Lake Elsinore pitching coach Brian Lawrence pitched six seasons in the major leagues and won 50 games - most of them for the San Diego Padres. In fact, he was the Padres’ opening-day starter in 2003-04.
While making his way to the majors, Lawrence was a standout starter in the California League, going 12-8 with Rancho Cucamonga in 1999.
But deep in Modesto lore, Lawrence’s biggest impact on the 1999 season came during a game he pitched at John Thurman Field.
The Modesto A’s were loaded that season under manager Bob Geren. They went 44-26 in both halves, and their 88-win total was eight higher than anyone else in the league. The A’s everyday lineup included Eric Byrnes, Jason Hart, Esteban German, Ryan Ludwick, Miguel Olivo and Oscar Salazar, and four pitchers off that team eventually toiled in the majors.
But the heart and soul of that team might have been a guy who never reached the majors.
Jacques Landry was a 25-year-old third baseman who hit .311 with 27 homers and 11 RBI.
On Sept. 1, the final Wednesday of the regular season, just as the A’s were starting to gear-up for a playoff push, Anderson took a start for the Quakes in Modesto.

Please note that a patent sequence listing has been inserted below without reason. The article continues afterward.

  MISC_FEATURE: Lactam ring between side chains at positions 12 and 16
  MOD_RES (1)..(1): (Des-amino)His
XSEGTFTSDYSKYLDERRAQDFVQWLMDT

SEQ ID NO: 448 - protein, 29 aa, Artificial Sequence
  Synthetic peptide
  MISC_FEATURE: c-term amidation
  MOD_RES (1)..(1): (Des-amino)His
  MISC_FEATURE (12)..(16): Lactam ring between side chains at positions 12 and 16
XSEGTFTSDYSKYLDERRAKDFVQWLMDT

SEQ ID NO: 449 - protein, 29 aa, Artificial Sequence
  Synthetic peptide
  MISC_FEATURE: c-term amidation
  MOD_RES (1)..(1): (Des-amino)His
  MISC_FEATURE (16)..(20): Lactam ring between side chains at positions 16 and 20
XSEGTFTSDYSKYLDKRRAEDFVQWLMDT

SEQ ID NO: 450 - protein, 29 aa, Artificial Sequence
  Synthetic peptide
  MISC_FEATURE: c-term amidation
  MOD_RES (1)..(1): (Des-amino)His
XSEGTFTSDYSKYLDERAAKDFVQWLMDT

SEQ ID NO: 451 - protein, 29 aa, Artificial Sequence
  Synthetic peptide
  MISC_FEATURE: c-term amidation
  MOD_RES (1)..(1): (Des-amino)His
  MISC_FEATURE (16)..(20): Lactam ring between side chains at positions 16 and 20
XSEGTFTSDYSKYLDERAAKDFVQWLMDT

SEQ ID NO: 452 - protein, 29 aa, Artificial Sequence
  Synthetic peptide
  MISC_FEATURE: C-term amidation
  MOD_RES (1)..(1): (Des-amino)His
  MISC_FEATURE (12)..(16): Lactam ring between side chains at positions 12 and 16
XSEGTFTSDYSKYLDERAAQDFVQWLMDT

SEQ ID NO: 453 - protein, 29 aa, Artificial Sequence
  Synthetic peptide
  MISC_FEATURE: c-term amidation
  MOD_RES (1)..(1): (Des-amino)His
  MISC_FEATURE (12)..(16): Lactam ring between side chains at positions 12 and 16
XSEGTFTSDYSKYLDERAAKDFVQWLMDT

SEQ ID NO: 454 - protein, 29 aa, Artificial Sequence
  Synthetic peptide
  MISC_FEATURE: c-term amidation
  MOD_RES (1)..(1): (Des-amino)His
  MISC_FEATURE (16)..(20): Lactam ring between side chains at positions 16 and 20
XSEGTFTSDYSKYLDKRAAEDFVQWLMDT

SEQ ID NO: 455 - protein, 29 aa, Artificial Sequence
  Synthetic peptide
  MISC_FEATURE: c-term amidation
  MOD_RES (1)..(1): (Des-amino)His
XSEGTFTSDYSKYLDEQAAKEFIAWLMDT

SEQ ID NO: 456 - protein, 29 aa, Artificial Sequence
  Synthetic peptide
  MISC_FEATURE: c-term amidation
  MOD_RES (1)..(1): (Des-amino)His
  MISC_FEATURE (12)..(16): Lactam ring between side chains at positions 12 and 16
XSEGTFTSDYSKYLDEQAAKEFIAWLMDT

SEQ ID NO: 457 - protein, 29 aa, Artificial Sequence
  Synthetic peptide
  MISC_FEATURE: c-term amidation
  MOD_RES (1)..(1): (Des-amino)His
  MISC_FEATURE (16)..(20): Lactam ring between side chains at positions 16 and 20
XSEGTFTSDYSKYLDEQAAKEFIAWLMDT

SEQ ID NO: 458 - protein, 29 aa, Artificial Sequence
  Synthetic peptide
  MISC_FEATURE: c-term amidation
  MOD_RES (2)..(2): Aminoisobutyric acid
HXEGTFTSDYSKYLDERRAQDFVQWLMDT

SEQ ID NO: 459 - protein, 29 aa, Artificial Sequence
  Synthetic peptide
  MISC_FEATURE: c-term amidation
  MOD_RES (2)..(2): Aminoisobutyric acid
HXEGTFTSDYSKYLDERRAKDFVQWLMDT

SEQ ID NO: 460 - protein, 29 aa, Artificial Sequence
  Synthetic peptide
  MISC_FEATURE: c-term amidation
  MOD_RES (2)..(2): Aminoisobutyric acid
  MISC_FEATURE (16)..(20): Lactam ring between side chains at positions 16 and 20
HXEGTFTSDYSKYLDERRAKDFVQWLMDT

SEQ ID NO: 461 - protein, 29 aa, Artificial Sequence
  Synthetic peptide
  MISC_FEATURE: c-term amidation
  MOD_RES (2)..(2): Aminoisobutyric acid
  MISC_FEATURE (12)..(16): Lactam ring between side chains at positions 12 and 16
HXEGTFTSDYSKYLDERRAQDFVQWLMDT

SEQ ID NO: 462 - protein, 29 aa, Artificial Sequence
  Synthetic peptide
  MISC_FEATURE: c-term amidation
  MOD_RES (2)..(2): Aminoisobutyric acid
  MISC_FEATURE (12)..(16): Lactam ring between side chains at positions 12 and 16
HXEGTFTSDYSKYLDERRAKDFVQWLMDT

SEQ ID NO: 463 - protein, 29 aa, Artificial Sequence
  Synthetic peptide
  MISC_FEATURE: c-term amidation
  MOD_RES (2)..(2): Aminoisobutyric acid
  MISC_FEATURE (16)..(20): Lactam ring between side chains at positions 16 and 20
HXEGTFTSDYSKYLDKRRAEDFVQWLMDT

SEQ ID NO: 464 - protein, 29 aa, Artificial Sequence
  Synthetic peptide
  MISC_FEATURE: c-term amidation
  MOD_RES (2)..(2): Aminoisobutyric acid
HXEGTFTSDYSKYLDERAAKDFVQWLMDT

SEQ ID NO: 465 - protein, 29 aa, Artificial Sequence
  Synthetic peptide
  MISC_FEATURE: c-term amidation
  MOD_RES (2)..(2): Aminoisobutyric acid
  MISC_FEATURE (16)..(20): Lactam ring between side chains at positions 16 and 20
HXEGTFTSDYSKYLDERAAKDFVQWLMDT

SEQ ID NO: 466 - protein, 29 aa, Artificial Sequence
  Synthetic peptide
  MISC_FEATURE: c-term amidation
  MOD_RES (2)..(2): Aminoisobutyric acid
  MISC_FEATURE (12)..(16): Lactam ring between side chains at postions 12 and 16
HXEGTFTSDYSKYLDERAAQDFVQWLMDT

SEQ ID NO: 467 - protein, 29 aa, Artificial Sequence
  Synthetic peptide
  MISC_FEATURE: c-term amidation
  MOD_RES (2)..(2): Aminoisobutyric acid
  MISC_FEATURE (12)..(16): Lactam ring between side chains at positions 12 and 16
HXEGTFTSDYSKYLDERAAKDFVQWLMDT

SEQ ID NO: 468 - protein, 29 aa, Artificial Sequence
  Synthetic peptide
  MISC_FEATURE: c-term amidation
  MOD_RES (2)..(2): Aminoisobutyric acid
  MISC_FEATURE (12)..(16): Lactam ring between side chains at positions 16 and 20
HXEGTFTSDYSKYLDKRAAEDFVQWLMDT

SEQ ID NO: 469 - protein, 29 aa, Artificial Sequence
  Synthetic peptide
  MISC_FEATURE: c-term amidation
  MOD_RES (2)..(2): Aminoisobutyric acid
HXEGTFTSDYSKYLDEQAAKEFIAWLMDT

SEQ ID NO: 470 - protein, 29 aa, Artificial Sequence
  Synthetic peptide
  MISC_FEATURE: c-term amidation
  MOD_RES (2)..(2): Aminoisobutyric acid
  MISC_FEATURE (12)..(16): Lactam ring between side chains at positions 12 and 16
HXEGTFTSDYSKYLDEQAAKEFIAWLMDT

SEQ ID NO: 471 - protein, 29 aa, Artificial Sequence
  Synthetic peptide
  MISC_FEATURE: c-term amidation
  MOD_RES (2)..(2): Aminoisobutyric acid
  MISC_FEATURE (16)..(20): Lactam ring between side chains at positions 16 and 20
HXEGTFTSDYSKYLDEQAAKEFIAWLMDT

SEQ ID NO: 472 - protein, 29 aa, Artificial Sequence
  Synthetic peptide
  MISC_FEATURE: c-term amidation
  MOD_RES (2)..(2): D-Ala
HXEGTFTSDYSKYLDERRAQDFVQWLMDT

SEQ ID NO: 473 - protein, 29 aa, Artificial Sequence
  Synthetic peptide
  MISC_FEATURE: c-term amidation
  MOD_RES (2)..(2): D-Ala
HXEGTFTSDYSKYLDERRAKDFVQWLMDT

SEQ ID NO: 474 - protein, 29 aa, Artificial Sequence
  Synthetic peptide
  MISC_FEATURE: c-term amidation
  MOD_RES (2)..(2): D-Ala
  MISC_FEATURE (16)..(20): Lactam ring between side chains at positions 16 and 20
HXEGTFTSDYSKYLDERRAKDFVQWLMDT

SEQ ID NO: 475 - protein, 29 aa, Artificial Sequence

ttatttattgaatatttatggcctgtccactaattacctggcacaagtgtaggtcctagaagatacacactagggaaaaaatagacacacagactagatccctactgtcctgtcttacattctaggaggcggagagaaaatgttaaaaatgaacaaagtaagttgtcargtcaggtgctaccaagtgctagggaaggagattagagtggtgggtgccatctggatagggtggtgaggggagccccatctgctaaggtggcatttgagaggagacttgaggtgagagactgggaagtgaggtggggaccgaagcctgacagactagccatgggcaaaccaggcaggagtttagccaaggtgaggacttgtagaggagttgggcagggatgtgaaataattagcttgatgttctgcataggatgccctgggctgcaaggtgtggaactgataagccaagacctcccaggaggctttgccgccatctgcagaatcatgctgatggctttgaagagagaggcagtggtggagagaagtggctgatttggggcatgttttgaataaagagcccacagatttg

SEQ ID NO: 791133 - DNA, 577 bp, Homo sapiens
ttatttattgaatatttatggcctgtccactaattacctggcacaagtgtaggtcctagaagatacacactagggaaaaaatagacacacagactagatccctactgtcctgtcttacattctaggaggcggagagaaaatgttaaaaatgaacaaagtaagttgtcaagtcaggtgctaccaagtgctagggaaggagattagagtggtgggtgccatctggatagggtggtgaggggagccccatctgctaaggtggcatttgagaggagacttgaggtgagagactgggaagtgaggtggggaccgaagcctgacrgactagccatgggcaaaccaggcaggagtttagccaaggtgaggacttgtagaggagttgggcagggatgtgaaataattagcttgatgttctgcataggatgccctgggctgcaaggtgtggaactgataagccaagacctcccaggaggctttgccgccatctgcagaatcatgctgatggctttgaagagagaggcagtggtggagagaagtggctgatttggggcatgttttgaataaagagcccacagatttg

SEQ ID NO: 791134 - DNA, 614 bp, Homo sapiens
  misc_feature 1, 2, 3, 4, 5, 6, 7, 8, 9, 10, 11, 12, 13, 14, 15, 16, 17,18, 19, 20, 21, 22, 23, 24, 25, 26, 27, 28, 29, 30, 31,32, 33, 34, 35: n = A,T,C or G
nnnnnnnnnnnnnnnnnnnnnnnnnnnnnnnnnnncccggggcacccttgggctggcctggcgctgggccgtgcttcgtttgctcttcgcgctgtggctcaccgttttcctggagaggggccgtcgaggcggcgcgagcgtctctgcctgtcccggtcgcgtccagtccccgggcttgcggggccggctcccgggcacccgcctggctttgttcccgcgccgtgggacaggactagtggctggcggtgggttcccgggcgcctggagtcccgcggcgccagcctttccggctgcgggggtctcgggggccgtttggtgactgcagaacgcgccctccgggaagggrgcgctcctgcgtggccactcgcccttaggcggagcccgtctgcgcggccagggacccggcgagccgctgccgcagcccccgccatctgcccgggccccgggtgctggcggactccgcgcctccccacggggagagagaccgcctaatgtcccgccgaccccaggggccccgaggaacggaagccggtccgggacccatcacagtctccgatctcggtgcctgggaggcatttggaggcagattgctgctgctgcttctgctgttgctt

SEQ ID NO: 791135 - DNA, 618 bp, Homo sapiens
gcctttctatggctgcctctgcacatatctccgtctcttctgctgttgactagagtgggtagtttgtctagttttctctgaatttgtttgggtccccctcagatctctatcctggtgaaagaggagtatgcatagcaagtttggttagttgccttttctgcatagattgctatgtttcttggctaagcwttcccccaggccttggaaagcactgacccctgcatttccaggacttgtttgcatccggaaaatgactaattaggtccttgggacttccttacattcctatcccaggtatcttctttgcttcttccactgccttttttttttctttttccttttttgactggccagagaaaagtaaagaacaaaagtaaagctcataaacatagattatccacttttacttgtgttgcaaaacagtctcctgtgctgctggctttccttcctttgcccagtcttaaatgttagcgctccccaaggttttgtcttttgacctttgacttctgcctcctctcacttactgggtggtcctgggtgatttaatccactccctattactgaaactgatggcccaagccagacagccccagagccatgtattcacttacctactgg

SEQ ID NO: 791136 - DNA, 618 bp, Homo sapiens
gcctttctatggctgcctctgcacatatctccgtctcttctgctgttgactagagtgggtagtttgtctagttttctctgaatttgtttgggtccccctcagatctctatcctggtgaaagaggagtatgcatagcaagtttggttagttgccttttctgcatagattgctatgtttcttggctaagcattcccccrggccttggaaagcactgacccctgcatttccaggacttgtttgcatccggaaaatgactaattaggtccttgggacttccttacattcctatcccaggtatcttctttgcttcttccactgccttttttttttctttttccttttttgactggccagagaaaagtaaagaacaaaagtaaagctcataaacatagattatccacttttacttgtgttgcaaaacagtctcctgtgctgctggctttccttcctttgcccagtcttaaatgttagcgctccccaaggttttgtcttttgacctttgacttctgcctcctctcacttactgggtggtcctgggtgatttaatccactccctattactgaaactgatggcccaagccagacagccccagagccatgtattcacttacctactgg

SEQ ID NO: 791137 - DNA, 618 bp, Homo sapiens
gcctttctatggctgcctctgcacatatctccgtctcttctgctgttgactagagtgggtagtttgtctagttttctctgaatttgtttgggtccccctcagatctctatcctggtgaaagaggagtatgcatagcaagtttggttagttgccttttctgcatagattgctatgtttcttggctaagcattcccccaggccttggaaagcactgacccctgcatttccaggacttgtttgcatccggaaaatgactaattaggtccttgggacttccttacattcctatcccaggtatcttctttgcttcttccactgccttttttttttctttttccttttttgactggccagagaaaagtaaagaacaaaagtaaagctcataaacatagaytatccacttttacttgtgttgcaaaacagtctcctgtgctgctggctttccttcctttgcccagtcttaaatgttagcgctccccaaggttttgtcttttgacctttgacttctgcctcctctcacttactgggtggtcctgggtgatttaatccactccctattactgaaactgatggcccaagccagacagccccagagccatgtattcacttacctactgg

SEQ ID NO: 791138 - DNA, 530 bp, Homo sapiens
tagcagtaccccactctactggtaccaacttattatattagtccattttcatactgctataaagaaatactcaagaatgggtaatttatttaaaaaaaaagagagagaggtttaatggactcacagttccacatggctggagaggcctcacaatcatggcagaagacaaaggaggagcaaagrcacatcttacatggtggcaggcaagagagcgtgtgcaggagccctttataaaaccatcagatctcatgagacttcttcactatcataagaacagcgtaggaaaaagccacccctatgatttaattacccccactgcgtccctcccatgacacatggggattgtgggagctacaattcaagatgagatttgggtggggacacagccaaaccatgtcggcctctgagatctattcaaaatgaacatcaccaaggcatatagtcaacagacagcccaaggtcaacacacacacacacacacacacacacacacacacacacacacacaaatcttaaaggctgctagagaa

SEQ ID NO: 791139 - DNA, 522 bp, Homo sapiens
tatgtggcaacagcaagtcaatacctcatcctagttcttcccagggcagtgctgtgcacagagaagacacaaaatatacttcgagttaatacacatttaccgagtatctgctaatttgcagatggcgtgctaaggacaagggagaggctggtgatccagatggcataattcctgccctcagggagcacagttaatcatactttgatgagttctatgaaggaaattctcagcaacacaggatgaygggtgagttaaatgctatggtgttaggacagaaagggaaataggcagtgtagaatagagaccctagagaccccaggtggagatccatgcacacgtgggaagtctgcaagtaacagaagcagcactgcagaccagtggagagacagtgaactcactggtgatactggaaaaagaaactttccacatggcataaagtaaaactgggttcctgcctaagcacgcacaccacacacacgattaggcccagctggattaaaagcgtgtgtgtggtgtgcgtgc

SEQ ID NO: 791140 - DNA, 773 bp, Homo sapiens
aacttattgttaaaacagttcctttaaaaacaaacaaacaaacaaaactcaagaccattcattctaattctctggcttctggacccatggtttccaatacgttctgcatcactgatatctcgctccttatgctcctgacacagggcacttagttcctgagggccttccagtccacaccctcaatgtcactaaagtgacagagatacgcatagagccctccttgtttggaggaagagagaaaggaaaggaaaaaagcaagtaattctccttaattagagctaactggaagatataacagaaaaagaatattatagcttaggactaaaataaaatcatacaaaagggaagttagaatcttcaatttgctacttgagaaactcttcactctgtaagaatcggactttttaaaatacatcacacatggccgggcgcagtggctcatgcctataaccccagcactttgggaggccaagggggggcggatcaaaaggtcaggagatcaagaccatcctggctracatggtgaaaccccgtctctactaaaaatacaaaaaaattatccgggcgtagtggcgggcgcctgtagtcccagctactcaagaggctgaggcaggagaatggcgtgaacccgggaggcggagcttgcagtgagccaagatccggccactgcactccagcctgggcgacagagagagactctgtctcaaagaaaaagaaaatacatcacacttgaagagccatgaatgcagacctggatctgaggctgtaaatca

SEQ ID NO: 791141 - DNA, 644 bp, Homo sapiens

Geren had started giving players some rest, but Landry was in the lineup to face Lawrence, who in the first inning tried to jam Landry with a fastball at the hands.
“When it hits bone, sometime you can’t tell because it sounds like it might have hit the bat,” Lawrence said. “I thought maybe it got the knob. The umpire (Ryan Bleiberg) called it a foul ball, but there definitely was no question the next day that it had hit him.”
Landry went on to strike out in the at-bat, then left the game. X-rays showed a broken bone in his forearm, ending his season and taking the steam out of the A’s sails. They lost the North Division championship series 3-2 to Lenn Sakata’s San Jose Giants.
Lawrence is sharing the visiting coaches’ room this season with hitting coach David Newhan, who played for Modesto in 1996 and Visalia in 1997, and with manager Shawn Wooten, who played for Lake Elsinore in 1998.
It’s believed to be the only coaching staff in league history to be made up entirely of former California League players who went on to play in the majors.